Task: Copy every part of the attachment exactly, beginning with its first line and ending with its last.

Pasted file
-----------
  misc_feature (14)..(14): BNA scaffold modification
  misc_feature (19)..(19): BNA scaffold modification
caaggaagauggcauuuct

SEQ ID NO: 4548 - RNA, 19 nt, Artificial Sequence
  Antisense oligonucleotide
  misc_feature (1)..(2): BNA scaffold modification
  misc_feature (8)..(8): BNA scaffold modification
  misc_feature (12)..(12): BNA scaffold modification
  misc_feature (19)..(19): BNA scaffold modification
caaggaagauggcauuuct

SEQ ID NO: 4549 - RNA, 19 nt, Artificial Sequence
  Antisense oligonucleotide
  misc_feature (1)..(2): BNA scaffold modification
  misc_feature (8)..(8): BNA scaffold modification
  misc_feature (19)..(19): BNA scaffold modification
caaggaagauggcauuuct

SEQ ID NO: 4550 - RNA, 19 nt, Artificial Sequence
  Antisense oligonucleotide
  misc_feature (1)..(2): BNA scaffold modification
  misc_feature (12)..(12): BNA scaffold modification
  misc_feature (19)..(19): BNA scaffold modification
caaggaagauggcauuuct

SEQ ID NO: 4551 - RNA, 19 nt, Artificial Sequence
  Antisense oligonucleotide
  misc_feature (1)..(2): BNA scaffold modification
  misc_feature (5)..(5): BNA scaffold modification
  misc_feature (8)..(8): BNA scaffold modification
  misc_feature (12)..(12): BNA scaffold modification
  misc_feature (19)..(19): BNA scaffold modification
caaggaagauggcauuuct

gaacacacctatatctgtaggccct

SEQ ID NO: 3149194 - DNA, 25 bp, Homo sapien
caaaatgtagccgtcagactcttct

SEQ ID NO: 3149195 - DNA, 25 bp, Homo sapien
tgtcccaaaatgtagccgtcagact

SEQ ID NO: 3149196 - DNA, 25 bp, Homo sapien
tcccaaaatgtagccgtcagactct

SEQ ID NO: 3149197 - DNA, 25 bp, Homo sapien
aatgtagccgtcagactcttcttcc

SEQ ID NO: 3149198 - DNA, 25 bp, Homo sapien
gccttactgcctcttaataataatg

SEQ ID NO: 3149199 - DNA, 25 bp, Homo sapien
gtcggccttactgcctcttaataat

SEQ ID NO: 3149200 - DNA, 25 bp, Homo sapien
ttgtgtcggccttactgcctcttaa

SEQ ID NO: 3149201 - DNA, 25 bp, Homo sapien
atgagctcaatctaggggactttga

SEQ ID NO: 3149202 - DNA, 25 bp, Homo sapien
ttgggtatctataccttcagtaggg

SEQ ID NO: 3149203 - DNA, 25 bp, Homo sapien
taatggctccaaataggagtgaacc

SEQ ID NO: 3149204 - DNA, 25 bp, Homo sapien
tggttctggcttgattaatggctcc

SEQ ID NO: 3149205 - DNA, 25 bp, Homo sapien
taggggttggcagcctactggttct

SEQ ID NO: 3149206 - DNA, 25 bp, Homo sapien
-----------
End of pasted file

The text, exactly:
  misc_feature (14)..(14): BNA scaffold modification
  misc_feature (19)..(19): BNA scaffold modification
caaggaagauggcauuuct

SEQ ID NO: 4548 - RNA, 19 nt, Artificial Sequence
  Antisense oligonucleotide
  misc_feature (1)..(2): BNA scaffold modification
  misc_feature (8)..(8): BNA scaffold modification
  misc_feature (12)..(12): BNA scaffold modification
  misc_feature (19)..(19): BNA scaffold modification
caaggaagauggcauuuct

SEQ ID NO: 4549 - RNA, 19 nt, Artificial Sequence
  Antisense oligonucleotide
  misc_feature (1)..(2): BNA scaffold modification
  misc_feature (8)..(8): BNA scaffold modification
  misc_feature (19)..(19): BNA scaffold modification
caaggaagauggcauuuct

SEQ ID NO: 4550 - RNA, 19 nt, Artificial Sequence
  Antisense oligonucleotide
  misc_feature (1)..(2): BNA scaffold modification
  misc_feature (12)..(12): BNA scaffold modification
  misc_feature (19)..(19): BNA scaffold modification
caaggaagauggcauuuct

SEQ ID NO: 4551 - RNA, 19 nt, Artificial Sequence
  Antisense oligonucleotide
  misc_feature (1)..(2): BNA scaffold modification
  misc_feature (5)..(5): BNA scaffold modification
  misc_feature (8)..(8): BNA scaffold modification
  misc_feature (12)..(12): BNA scaffold modification
  misc_feature (19)..(19): BNA scaffold modification
caaggaagauggcauuuct

gaacacacctatatctgtaggccct

SEQ ID NO: 3149194 - DNA, 25 bp, Homo sapien
caaaatgtagccgtcagactcttct

SEQ ID NO: 3149195 - DNA, 25 bp, Homo sapien
tgtcccaaaatgtagccgtcagact

SEQ ID NO: 3149196 - DNA, 25 bp, Homo sapien
tcccaaaatgtagccgtcagactct

SEQ ID NO: 3149197 - DNA, 25 bp, Homo sapien
aatgtagccgtcagactcttcttcc

SEQ ID NO: 3149198 - DNA, 25 bp, Homo sapien
gccttactgcctcttaataataatg

SEQ ID NO: 3149199 - DNA, 25 bp, Homo sapien
gtcggccttactgcctcttaataat

SEQ ID NO: 3149200 - DNA, 25 bp, Homo sapien
ttgtgtcggccttactgcctcttaa

SEQ ID NO: 3149201 - DNA, 25 bp, Homo sapien
atgagctcaatctaggggactttga

SEQ ID NO: 3149202 - DNA, 25 bp, Homo sapien
ttgggtatctataccttcagtaggg

SEQ ID NO: 3149203 - DNA, 25 bp, Homo sapien
taatggctccaaataggagtgaacc

SEQ ID NO: 3149204 - DNA, 25 bp, Homo sapien
tggttctggcttgattaatggctcc

SEQ ID NO: 3149205 - DNA, 25 bp, Homo sapien
taggggttggcagcctactggttct

SEQ ID NO: 3149206 - DNA, 25 bp, Homo sapien